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Metrics and Analytics Workshop : How to Harness the Power of Data to Build Marketing Credibility
Metrics and Analytics Workshop : How to Harness the Power of Data to Build Marketing Credibility
Metrics and Analytics Workshop : How to Harness the Power of Data to Build Marketing Credibility
Metrics and Analytics Workshop : How to Harness the Power of Data to Build Marketing Credibility
Metrics and Analytics Workshop : How to Harness the Power of Data to Build Marketing Credibility
Metrics and Analytics Workshop : How to Harness the Power of Data to Build Marketing Credibility
Metrics and Analytics Workshop : How to Harness the Power of Data to Build Marketing Credibility
Metrics and Analytics Workshop : How to Harness the Power of Data to Build Marketing Credibility
Metrics and Analytics Workshop : How to Harness the Power of Data to Build Marketing Credibility
Metrics and Analytics Workshop : How to Harness the Power of Data to Build Marketing Credibility
Metrics and Analytics Workshop : How to Harness the Power of Data to Build Marketing Credibility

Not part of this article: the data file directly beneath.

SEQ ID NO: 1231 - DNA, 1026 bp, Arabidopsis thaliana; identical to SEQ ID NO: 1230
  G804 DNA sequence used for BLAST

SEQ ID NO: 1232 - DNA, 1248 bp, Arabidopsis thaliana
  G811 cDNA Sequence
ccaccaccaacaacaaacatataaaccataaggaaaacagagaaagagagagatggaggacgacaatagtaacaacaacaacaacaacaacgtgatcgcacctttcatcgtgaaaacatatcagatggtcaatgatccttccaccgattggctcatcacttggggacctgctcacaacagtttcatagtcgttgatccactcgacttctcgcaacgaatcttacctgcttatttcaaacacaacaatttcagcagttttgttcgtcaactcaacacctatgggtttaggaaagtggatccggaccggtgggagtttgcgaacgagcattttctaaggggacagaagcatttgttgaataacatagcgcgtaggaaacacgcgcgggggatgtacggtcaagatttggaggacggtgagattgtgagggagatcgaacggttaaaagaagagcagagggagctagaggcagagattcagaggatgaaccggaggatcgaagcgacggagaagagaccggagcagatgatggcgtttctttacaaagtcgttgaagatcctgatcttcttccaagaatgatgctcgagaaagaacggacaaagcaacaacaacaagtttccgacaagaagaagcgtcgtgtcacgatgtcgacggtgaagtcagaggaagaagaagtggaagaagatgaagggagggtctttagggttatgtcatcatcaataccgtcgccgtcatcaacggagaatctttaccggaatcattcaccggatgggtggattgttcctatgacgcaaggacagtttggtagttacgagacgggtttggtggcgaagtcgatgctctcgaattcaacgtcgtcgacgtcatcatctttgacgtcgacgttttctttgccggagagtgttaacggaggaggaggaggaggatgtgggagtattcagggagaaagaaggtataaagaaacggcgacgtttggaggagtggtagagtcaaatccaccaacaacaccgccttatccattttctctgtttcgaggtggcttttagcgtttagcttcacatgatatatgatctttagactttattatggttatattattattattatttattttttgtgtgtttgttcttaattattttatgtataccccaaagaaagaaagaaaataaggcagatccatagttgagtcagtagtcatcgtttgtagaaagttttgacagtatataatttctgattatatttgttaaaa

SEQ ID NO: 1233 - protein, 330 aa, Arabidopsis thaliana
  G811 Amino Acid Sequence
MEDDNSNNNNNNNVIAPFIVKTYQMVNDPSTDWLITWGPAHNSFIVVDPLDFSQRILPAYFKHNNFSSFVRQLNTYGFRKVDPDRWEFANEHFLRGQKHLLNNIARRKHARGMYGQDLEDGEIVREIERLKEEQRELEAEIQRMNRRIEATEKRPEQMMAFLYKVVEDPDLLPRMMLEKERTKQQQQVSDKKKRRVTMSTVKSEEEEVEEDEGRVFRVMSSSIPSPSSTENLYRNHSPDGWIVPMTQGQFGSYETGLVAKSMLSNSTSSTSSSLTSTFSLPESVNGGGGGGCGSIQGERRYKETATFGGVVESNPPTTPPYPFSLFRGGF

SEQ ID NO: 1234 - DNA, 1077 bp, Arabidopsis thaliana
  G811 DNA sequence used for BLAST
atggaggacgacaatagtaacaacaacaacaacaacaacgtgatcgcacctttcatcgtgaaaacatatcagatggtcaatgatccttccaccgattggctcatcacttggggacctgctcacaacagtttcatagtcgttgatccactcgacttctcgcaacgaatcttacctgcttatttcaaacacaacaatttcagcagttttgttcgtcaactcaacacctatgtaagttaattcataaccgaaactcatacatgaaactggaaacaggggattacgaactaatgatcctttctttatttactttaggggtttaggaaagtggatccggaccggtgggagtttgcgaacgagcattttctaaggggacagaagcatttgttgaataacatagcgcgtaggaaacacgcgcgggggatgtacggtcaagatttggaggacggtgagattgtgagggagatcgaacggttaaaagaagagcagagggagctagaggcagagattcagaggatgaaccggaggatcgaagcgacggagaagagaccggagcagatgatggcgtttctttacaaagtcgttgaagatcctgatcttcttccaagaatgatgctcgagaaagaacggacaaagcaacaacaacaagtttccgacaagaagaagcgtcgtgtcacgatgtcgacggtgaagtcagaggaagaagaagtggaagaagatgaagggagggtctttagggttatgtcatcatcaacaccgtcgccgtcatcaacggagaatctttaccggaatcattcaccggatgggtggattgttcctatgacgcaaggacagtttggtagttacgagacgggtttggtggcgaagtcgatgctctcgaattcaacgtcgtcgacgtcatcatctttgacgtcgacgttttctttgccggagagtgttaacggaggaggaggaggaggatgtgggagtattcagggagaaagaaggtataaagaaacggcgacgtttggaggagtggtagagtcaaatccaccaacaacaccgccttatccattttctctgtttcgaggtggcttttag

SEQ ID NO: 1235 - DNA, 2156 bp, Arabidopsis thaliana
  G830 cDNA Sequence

Metrics and Analytics Workshop : How to Harness the Power of Data to Build Marketing Credibility
Metrics and Analytics Workshop : How to Harness the Power of Data to Build Marketing Credibility
Metrics and Analytics Workshop : How to Harness the Power of Data to Build Marketing Credibility
Metrics and Analytics Workshop : How to Harness the Power of Data to Build Marketing Credibility
Metrics and Analytics Workshop : How to Harness the Power of Data to Build Marketing Credibility
Metrics and Analytics Workshop : How to Harness the Power of Data to Build Marketing Credibility
Metrics and Analytics Workshop : How to Harness the Power of Data to Build Marketing Credibility
Metrics and Analytics Workshop : How to Harness the Power of Data to Build Marketing Credibility
Metrics and Analytics Workshop : How to Harness the Power of Data to Build Marketing Credibility
Metrics and Analytics Workshop : How to Harness the Power of Data to Build Marketing Credibility
Metrics and Analytics Workshop : How to Harness the Power of Data to Build Marketing Credibility
Metrics and Analytics Workshop : How to Harness the Power of Data to Build Marketing Credibility
Metrics and Analytics Workshop : How to Harness the Power of Data to Build Marketing Credibility
Metrics and Analytics Workshop : How to Harness the Power of Data to Build Marketing Credibility
Metrics and Analytics Workshop : How to Harness the Power of Data to Build Marketing Credibility
Metrics and Analytics Workshop : How to Harness the Power of Data to Build Marketing Credibility
Metrics and Analytics Workshop : How to Harness the Power of Data to Build Marketing Credibility
Metrics and Analytics Workshop : How to Harness the Power of Data to Build Marketing Credibility
Metrics and Analytics Workshop : How to Harness the Power of Data to Build Marketing Credibility
Metrics and Analytics Workshop : How to Harness the Power of Data to Build Marketing Credibility